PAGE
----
The Trail is available to equestrians and cyclists for its entire length from Avebury to Streatley and Goring, either as a bridleway, byway or on very short road sections. Plans to continue this on the eastern section are now well advanced.
Compared with most other National Trails, the Ridgeway is undemanding, with easy gradients, but it traverses a great variety of countryside. The western half, from Avebury to the Goring Gap, is the classic Ridgeway, a track over open downs. On this section there are few villages on the line of the path, and walkers should take care to carry enough drink. Most pubs too are off the line of the Trail, but many are well worth a detour.
Much of the eastern half, along the Thames and through the Chilterns, is on footpaths or bridleways, often through noble beech woodlands, the line alternating between the edge of the hills and the Vale beneath, where it often follows the Icknield Way track. This section passes through or near to a number of villages, and is better provided with facilities for accommodation and refreshment. Many of these towns and villages, and those in the western half, are well worth a visit for their heritage and architectural interest alone.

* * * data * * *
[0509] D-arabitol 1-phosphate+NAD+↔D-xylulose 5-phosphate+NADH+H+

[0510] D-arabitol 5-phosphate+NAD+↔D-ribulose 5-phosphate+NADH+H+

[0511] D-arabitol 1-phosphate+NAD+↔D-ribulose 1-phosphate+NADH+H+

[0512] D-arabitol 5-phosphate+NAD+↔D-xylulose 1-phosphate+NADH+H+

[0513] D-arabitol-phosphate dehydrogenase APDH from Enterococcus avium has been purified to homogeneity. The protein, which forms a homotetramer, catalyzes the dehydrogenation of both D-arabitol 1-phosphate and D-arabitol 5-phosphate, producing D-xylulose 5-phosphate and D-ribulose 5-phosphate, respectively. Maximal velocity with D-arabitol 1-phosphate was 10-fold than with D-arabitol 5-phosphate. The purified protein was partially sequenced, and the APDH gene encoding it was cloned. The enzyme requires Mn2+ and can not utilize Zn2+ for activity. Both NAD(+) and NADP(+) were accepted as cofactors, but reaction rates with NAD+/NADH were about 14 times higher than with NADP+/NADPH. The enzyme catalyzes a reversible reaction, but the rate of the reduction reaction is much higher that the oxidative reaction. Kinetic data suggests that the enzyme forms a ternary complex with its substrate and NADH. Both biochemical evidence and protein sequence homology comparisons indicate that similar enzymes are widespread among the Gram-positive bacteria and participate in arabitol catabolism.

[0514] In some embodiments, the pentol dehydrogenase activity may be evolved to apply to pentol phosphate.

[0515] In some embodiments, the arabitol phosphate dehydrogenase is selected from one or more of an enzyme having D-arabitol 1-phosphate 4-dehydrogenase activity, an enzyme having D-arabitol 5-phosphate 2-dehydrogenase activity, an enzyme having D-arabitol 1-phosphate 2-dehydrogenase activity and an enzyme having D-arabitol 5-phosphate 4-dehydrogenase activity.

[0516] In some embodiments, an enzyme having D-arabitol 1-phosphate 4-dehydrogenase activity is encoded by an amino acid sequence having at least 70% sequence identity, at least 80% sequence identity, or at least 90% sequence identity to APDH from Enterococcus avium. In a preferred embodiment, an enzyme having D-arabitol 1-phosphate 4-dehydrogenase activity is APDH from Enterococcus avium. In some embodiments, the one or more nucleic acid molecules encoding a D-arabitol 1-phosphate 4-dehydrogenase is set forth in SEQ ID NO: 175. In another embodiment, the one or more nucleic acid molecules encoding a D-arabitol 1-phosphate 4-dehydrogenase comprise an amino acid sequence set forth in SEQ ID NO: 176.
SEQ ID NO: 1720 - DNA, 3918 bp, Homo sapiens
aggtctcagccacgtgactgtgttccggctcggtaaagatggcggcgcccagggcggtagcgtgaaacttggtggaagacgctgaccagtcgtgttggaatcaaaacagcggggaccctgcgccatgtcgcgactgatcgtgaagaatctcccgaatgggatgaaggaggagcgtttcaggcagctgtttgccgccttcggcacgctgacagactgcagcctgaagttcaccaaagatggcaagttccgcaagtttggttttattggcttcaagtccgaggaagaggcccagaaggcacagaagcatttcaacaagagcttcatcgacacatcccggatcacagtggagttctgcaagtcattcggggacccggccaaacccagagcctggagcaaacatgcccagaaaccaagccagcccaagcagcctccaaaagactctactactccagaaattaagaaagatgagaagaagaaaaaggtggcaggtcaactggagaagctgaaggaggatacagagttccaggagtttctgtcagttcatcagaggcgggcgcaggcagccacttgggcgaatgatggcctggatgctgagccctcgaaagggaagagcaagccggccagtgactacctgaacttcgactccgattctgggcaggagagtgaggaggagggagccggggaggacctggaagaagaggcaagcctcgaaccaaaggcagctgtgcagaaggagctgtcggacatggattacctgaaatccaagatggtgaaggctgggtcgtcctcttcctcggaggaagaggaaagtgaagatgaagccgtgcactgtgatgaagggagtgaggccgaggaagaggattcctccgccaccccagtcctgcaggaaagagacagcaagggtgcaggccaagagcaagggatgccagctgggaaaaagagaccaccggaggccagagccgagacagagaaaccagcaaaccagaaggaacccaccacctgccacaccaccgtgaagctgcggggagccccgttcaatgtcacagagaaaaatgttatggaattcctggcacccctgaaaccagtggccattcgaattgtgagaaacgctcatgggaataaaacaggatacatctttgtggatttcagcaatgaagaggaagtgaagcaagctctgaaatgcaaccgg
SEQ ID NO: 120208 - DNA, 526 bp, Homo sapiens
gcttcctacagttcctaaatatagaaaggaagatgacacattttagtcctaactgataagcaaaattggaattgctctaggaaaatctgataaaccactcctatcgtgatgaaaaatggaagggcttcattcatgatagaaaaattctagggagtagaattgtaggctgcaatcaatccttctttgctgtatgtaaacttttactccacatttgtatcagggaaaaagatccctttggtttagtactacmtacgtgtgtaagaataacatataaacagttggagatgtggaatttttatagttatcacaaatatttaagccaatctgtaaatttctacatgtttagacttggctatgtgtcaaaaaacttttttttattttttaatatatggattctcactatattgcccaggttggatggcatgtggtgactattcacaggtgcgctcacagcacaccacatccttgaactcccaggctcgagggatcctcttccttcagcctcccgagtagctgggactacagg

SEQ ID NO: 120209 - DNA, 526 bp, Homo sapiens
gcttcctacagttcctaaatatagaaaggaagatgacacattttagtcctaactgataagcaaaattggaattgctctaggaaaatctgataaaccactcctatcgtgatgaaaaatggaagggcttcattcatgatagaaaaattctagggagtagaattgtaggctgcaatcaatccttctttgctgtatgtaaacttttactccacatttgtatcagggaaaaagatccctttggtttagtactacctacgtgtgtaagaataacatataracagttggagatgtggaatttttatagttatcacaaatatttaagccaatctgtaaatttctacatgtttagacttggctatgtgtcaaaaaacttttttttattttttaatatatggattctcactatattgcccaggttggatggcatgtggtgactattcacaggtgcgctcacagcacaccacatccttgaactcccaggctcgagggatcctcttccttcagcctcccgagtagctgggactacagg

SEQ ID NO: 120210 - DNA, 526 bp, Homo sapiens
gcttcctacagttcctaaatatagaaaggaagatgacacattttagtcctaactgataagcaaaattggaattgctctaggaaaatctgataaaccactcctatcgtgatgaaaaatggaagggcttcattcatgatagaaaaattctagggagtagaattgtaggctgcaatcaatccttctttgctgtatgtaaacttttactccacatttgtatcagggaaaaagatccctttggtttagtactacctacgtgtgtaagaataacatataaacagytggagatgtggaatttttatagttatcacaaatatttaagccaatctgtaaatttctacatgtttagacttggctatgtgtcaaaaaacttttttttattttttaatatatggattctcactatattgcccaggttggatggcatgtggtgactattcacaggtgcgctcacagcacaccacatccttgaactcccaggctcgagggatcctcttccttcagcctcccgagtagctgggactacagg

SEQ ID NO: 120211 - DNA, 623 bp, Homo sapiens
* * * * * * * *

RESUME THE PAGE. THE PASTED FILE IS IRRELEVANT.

Some sections are still Byways Open All Traffic, where you are likely to encounter motorbikes or 4WD vehicles, although seasonal Traffic Regulation Orders are in force during the winter to protect the surfaces.
For places to stay, maps and satellite maps, see the National Trail’s interactive map. Further accommodation information can be obtained by searching the internet using the name of the relevant town or village.
Click here to access a detailed account of what walking the Ridgeway has to offer by Anthony Burton, author of a guide to the Ridgeway and presenter of a DVD about the Trail. This is an informative and interesting read, but please bear in mind that references in it to pubs and accommodation may now be out of date.